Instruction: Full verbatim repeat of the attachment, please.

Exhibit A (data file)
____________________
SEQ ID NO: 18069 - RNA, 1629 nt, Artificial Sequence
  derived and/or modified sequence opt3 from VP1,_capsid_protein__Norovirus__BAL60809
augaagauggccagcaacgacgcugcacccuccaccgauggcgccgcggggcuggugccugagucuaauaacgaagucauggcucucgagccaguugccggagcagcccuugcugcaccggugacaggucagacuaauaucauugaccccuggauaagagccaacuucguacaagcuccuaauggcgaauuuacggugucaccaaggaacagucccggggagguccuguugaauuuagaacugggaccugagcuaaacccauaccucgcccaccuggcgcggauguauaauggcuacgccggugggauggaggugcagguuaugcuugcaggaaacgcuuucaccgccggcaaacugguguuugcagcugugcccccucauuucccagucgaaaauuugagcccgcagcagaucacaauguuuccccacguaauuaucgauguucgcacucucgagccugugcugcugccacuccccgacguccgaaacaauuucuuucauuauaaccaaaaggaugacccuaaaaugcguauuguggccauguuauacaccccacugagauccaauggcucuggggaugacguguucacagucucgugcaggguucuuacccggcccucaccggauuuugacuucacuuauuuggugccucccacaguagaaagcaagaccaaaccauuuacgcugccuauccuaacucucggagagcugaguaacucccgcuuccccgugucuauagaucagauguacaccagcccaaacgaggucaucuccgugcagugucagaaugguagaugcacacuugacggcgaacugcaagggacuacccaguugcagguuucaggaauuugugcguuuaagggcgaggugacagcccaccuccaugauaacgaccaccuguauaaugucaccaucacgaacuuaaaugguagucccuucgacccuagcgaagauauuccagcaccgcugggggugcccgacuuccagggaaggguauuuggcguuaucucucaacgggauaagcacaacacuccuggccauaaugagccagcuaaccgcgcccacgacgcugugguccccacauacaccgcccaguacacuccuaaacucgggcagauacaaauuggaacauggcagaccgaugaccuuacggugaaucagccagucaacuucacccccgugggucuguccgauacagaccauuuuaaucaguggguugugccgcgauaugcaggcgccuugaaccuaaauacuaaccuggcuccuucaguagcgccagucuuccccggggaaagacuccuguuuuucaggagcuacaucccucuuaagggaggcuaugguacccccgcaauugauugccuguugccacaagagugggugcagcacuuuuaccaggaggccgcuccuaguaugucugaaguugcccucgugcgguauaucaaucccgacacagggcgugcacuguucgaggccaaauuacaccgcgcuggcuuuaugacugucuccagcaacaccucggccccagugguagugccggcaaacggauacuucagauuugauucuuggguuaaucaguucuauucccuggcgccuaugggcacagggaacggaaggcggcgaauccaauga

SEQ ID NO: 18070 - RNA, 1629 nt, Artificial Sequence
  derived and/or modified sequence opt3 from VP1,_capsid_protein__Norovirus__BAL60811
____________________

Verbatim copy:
SEQ ID NO: 18069 - RNA, 1629 nt, Artificial Sequence
  derived and/or modified sequence opt3 from VP1,_capsid_protein__Norovirus__BAL60809
augaagauggccagcaacgacgcugcacccuccaccgauggcgccgcggggcuggugccugagucuaauaacgaagucauggcucucgagccaguugccggagcagcccuugcugcaccggugacaggucagacuaauaucauugaccccuggauaagagccaacuucguacaagcuccuaauggcgaauuuacggugucaccaaggaacagucccggggagguccuguugaauuuagaacugggaccugagcuaaacccauaccucgcccaccuggcgcggauguauaauggcuacgccggugggauggaggugcagguuaugcuugcaggaaacgcuuucaccgccggcaaacugguguuugcagcugugcccccucauuucccagucgaaaauuugagcccgcagcagaucacaauguuuccccacguaauuaucgauguucgcacucucgagccugugcugcugccacuccccgacguccgaaacaauuucuuucauuauaaccaaaaggaugacccuaaaaugcguauuguggccauguuauacaccccacugagauccaauggcucuggggaugacguguucacagucucgugcaggguucuuacccggcccucaccggauuuugacuucacuuauuuggugccucccacaguagaaagcaagaccaaaccauuuacgcugccuauccuaacucucggagagcugaguaacucccgcuuccccgugucuauagaucagauguacaccagcccaaacgaggucaucuccgugcagugucagaaugguagaugcacacuugacggcgaacugcaagggacuacccaguugcagguuucaggaauuugugcguuuaagggcgaggugacagcccaccuccaugauaacgaccaccuguauaaugucaccaucacgaacuuaaaugguagucccuucgacccuagcgaagauauuccagcaccgcugggggugcccgacuuccagggaaggguauuuggcguuaucucucaacgggauaagcacaacacuccuggccauaaugagccagcuaaccgcgcccacgacgcugugguccccacauacaccgcccaguacacuccuaaacucgggcagauacaaauuggaacauggcagaccgaugaccuuacggugaaucagccagucaacuucacccccgugggucuguccgauacagaccauuuuaaucaguggguugugccgcgauaugcaggcgccuugaaccuaaauacuaaccuggcuccuucaguagcgccagucuuccccggggaaagacuccuguuuuucaggagcuacaucccucuuaagggaggcuaugguacccccgcaauugauugccuguugccacaagagugggugcagcacuuuuaccaggaggccgcuccuaguaugucugaaguugcccucgugcgguauaucaaucccgacacagggcgugcacuguucgaggccaaauuacaccgcgcuggcuuuaugacugucuccagcaacaccucggccccagugguagugccggcaaacggauacuucagauuugauucuuggguuaaucaguucuauucccuggcgccuaugggcacagggaacggaaggcggcgaauccaauga

SEQ ID NO: 18070 - RNA, 1629 nt, Artificial Sequence
  derived and/or modified sequence opt3 from VP1,_capsid_protein__Norovirus__BAL60811